Ubisoft is taking an interesting step with the Anno franchise. The city-building strategy series is jumping into the online realm with Anno Online, a new installment that takes players into colonial times. Unlike its predecessors, however, Anno Online is a free-to-play browser-based game. To learn more about it, I grabbed a closed beta code and jumped in.
Anno Online starts in a forest-laden area within the American colonies. A friendly tutorial will teach players everything they need to know about building their new civilizations. This portion of the game is extremely friendly to newcomers and explain in great detail each building's function. It didn't take long to learn about attracting pioneers to my settlement and how to keep them all happy.
With the tutorials out of the way, Anno Online demonstrates just how complex a city-builder it can be. To create a bustling civilization, the player must learn to build efficient supply chains. That means connecting pioneer settlements with marketplaces and building farmland and harbors along roads and accompanying settlements. The game will helpfully point out the effectiveness of certain building placement by displaying efficiency percentages, though I had hoped to see more of an explanation of what determined those numbers.
Micromanagement quickly becomes key in Anno Online and players will need to learn to balance resources, such as goat farms, distribution centers, and lumber yards. Fall short on any resource and pioneers will begin to leave your settlement. Helpful tool tips will help keep players apprised of what resources need refilling, making this an easy city-builder to jump into. The downside, however, is that resources build up at a snail's pace, a product of the game's free-to-play nature. Microtransactions will help players build up their resources faster, which can become a costly venture. While the game feels like a great time-waster, the slow rate at which resources rebuild means that sessions typically won't go beyond a half-hour.
If players do need a diversion while waiting for resources to fill back up, they can also check out their friends' settlements, thanks to an intuitive friends list feature. While I didn't fully jump into this part of the beta, I was briefed on it during the opening tutorial and I was able to check out an example city, which was a bustling metropolis compared to my menial forest village. Multiplayer features will include trading with friends and forming guilds, which will give Anno Online plenty of life following its release.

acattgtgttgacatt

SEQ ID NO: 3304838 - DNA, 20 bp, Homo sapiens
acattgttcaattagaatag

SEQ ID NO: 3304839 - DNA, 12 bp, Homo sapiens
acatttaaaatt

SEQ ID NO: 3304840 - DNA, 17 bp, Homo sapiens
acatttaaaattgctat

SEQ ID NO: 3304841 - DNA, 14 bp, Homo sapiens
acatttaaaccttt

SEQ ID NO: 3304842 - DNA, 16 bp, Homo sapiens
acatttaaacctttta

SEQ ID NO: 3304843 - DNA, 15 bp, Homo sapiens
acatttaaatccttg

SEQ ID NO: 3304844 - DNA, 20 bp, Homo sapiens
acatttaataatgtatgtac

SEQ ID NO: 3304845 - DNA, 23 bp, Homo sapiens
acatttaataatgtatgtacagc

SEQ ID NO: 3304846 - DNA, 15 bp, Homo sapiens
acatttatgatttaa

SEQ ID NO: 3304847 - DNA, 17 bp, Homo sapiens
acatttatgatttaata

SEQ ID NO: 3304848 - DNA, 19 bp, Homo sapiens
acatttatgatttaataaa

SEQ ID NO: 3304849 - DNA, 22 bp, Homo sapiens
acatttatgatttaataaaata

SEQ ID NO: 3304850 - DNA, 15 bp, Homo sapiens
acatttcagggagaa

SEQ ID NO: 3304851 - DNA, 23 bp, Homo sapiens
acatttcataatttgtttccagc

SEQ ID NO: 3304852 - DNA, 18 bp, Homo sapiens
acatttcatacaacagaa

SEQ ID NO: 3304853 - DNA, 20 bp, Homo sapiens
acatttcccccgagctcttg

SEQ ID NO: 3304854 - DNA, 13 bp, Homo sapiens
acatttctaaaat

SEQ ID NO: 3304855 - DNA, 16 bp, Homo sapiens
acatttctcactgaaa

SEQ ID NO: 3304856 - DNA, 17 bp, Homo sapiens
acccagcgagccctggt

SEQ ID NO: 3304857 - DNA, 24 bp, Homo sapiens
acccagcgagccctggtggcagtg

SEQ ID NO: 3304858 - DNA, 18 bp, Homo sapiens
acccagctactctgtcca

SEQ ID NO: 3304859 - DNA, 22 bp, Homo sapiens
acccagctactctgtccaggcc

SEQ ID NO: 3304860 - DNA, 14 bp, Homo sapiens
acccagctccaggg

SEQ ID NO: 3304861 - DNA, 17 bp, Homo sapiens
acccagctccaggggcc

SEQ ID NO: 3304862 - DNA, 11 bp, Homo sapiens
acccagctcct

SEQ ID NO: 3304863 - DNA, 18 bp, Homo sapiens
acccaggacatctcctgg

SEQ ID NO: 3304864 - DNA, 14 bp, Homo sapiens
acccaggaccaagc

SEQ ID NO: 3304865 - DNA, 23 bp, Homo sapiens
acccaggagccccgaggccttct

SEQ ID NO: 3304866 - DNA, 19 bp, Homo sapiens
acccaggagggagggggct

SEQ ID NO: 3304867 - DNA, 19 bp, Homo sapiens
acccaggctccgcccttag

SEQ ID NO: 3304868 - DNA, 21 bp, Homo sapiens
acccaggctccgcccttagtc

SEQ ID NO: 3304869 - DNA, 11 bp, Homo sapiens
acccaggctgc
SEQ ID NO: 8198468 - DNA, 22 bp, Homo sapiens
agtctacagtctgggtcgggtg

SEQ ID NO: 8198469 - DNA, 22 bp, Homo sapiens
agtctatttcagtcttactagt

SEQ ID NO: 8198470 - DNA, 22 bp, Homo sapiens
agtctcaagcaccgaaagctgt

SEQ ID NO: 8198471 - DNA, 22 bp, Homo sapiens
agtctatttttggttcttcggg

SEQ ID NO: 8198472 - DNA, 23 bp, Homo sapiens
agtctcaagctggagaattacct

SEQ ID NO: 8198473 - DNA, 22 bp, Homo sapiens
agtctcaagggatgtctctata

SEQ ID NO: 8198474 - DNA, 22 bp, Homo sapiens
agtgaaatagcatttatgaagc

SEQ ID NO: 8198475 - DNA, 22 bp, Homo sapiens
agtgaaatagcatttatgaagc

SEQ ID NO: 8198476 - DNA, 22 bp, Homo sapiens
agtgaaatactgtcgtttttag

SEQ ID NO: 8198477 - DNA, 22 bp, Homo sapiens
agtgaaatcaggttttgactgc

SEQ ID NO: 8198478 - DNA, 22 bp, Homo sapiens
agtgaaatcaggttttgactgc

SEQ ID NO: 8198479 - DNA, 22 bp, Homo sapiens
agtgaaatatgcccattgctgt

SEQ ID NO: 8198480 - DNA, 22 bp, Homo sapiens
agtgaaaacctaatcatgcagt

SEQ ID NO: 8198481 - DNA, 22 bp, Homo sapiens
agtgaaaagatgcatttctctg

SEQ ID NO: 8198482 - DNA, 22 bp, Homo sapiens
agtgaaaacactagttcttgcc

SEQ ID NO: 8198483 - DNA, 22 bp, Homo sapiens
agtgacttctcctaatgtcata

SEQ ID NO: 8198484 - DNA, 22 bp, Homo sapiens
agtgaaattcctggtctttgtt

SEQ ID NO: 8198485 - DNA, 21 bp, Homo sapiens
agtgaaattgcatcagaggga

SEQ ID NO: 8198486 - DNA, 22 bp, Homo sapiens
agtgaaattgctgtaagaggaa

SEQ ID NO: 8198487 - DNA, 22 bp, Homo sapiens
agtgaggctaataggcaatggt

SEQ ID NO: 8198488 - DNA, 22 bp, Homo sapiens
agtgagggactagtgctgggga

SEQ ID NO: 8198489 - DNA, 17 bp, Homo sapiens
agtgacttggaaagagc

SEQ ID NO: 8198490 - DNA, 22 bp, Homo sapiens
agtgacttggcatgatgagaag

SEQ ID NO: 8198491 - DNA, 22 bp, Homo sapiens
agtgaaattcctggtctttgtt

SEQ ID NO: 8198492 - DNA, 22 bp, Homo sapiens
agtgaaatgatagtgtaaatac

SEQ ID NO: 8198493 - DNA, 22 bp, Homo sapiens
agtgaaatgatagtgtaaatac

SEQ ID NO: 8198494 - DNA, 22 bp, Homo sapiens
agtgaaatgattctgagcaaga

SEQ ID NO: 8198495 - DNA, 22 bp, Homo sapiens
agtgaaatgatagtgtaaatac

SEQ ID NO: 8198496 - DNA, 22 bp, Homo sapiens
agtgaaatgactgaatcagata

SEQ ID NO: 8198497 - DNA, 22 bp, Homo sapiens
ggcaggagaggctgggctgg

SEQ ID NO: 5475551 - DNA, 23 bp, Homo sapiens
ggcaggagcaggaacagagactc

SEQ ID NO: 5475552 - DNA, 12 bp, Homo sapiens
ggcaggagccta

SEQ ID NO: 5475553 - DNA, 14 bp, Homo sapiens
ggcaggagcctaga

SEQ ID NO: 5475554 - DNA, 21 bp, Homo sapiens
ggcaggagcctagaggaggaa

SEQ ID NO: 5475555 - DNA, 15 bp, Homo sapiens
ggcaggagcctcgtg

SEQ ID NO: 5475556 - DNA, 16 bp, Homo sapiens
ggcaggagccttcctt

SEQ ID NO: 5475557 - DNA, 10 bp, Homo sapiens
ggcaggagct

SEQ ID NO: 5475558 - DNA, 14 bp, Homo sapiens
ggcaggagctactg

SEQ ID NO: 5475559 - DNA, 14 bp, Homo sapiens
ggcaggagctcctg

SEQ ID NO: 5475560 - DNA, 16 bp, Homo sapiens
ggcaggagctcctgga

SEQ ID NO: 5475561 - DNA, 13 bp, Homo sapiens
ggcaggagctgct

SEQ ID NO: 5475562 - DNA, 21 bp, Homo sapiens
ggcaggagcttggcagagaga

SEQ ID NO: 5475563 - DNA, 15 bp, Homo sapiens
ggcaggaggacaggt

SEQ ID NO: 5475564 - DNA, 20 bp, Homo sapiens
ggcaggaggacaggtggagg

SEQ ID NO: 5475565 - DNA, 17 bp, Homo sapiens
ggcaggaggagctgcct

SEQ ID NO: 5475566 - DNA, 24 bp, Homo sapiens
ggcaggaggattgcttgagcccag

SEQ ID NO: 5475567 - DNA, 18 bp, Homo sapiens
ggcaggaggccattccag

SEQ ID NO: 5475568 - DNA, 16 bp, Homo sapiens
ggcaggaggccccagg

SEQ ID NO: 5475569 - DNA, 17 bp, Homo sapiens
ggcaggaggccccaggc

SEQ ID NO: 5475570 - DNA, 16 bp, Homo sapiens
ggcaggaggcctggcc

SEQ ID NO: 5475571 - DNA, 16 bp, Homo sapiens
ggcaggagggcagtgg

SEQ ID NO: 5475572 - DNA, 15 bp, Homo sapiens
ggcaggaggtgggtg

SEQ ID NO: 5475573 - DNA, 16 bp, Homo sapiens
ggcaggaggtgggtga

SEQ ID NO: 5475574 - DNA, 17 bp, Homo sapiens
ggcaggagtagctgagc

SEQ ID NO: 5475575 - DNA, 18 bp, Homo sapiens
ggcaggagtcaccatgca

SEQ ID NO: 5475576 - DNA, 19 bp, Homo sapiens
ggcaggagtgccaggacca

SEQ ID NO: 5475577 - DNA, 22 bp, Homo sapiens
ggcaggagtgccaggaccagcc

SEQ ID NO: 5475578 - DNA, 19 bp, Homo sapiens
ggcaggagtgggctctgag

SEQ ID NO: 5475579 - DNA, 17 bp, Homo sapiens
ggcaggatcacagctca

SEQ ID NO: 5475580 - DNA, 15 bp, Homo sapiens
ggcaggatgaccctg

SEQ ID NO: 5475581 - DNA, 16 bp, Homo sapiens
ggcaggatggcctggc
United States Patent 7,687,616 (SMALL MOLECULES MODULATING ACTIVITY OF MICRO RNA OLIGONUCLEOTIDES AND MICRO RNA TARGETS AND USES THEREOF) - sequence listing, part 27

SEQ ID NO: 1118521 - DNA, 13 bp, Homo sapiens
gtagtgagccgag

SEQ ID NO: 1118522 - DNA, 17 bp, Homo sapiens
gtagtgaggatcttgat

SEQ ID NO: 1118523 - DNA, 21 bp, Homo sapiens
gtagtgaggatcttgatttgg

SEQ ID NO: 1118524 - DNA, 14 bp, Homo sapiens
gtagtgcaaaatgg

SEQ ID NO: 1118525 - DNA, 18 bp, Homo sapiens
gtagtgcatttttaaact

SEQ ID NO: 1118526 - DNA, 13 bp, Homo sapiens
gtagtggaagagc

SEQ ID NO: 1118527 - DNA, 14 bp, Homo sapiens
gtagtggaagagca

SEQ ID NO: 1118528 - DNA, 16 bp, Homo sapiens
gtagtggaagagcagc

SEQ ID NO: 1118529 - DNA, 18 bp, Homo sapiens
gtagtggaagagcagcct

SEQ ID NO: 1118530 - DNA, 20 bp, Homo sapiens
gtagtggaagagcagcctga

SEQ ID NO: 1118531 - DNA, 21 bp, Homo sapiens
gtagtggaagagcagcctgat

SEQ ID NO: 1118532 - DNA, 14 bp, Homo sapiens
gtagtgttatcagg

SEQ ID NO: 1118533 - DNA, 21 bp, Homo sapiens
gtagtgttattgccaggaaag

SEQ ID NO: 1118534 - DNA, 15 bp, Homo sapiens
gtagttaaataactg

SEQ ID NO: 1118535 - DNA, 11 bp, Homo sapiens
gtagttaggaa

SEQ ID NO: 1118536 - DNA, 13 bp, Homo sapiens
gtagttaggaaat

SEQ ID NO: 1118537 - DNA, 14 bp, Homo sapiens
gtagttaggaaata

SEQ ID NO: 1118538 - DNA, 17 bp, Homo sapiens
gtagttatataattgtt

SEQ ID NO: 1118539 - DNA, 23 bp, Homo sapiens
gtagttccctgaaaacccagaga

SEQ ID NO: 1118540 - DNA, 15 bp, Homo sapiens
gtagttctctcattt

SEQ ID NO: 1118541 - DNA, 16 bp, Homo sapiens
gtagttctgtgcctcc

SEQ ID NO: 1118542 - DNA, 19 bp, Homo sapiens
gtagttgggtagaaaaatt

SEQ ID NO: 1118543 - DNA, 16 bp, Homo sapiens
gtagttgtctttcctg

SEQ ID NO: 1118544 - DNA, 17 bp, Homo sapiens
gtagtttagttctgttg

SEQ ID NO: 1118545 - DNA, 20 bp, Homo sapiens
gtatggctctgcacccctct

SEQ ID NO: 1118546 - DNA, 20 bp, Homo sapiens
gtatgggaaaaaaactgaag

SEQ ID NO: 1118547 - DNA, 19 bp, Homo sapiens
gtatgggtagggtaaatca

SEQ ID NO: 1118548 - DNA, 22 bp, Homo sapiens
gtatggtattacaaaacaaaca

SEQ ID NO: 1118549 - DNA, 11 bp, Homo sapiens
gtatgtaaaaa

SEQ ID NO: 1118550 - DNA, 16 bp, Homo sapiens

Anno Online does many things right, while only suffering from some nagging issues. Building roads is a bit of a hassle, as it's difficult to tell where they've been laid out. The building process often creates a giant red grid, which makes certain parts of the settlement difficult to see. It more often than not resulted in me building some settlements away from roads, which was a bit of a hassle. Those faults don't outweigh a greatly user-friendly presentation and intuitive design.
Most of all, though, it's the lag-free functionality within the confines of a Chrome browser that could potentially make Anno Online a great alternative to many of the retail city-building games currently out there. A release date has not been given for the final version of Anno Online.
Ozzie Mejia posted a new article, Anno Online shows how complex city-building can be.
Anno Online is a free-to-play browser-based game. To learn more about it, we grabbed a closed beta code and jumped in.
I would probably have looked into purchasing this. Too bad it's free to play. Won't waste my time.
F2P more like Lrn2pay, amirite?
Pretty much the same as The Settlers Online.
you can play it for free but the problem is that sooner or later you'll get stuck with busywork by having to buy in too many resources (spices, ink...) and island-discovery turns into lottery.
All in all a nice distraction until you hit a wall of busywork stripping away the last bits of the micro-managing, re-arranging and supply-chaining fun and it tilts into labour.